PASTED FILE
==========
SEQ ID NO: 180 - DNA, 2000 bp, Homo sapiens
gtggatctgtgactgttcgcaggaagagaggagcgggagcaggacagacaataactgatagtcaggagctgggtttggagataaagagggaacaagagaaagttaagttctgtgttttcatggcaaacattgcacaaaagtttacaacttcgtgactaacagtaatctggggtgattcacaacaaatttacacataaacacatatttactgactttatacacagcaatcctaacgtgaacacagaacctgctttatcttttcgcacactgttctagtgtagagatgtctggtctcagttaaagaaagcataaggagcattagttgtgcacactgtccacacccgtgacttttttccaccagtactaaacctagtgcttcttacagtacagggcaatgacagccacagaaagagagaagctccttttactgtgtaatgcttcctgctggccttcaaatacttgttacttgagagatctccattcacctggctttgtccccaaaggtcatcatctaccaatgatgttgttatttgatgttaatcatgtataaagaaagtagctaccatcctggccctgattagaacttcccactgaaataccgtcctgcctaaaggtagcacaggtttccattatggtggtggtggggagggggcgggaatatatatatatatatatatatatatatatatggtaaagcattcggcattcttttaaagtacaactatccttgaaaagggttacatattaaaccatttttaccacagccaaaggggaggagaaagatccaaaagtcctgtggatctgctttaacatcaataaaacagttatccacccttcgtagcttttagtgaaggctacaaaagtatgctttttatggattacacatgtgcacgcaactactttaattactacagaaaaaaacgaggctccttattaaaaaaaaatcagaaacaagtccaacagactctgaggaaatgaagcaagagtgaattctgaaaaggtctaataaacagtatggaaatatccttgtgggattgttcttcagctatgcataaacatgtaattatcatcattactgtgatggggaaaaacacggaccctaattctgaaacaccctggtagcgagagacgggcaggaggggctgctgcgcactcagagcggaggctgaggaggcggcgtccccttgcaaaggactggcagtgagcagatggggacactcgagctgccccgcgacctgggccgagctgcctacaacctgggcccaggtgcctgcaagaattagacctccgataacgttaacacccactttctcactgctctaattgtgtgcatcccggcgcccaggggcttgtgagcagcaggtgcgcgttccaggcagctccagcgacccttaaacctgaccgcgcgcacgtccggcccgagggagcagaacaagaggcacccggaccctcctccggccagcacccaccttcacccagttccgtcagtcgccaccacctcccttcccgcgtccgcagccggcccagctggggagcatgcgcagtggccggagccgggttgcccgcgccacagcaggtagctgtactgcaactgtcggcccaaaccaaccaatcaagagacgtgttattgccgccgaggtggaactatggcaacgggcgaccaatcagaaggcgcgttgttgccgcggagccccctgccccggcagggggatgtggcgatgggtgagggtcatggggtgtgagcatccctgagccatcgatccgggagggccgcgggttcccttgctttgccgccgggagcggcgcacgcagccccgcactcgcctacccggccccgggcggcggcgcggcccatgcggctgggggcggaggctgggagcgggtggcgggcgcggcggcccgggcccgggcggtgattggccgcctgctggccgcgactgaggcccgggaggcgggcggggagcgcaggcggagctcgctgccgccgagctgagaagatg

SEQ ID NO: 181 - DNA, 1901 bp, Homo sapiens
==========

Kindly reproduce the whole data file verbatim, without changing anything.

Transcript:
SEQ ID NO: 180 - DNA, 2000 bp, Homo sapiens
gtggatctgtgactgttcgcaggaagagaggagcgggagcaggacagacaataactgatagtcaggagctgggtttggagataaagagggaacaagagaaagttaagttctgtgttttcatggcaaacattgcacaaaagtttacaacttcgtgactaacagtaatctggggtgattcacaacaaatttacacataaacacatatttactgactttatacacagcaatcctaacgtgaacacagaacctgctttatcttttcgcacactgttctagtgtagagatgtctggtctcagttaaagaaagcataaggagcattagttgtgcacactgtccacacccgtgacttttttccaccagtactaaacctagtgcttcttacagtacagggcaatgacagccacagaaagagagaagctccttttactgtgtaatgcttcctgctggccttcaaatacttgttacttgagagatctccattcacctggctttgtccccaaaggtcatcatctaccaatgatgttgttatttgatgttaatcatgtataaagaaagtagctaccatcctggccctgattagaacttcccactgaaataccgtcctgcctaaaggtagcacaggtttccattatggtggtggtggggagggggcgggaatatatatatatatatatatatatatatatatggtaaagcattcggcattcttttaaagtacaactatccttgaaaagggttacatattaaaccatttttaccacagccaaaggggaggagaaagatccaaaagtcctgtggatctgctttaacatcaataaaacagttatccacccttcgtagcttttagtgaaggctacaaaagtatgctttttatggattacacatgtgcacgcaactactttaattactacagaaaaaaacgaggctccttattaaaaaaaaatcagaaacaagtccaacagactctgaggaaatgaagcaagagtgaattctgaaaaggtctaataaacagtatggaaatatccttgtgggattgttcttcagctatgcataaacatgtaattatcatcattactgtgatggggaaaaacacggaccctaattctgaaacaccctggtagcgagagacgggcaggaggggctgctgcgcactcagagcggaggctgaggaggcggcgtccccttgcaaaggactggcagtgagcagatggggacactcgagctgccccgcgacctgggccgagctgcctacaacctgggcccaggtgcctgcaagaattagacctccgataacgttaacacccactttctcactgctctaattgtgtgcatcccggcgcccaggggcttgtgagcagcaggtgcgcgttccaggcagctccagcgacccttaaacctgaccgcgcgcacgtccggcccgagggagcagaacaagaggcacccggaccctcctccggccagcacccaccttcacccagttccgtcagtcgccaccacctcccttcccgcgtccgcagccggcccagctggggagcatgcgcagtggccggagccgggttgcccgcgccacagcaggtagctgtactgcaactgtcggcccaaaccaaccaatcaagagacgtgttattgccgccgaggtggaactatggcaacgggcgaccaatcagaaggcgcgttgttgccgcggagccccctgccccggcagggggatgtggcgatgggtgagggtcatggggtgtgagcatccctgagccatcgatccgggagggccgcgggttcccttgctttgccgccgggagcggcgcacgcagccccgcactcgcctacccggccccgggcggcggcgcggcccatgcggctgggggcggaggctgggagcgggtggcgggcgcggcggcccgggcccgggcggtgattggccgcctgctggccgcgactgaggcccgggaggcgggcggggagcgcaggcggagctcgctgccgccgagctgagaagatg

SEQ ID NO: 181 - DNA, 1901 bp, Homo sapiens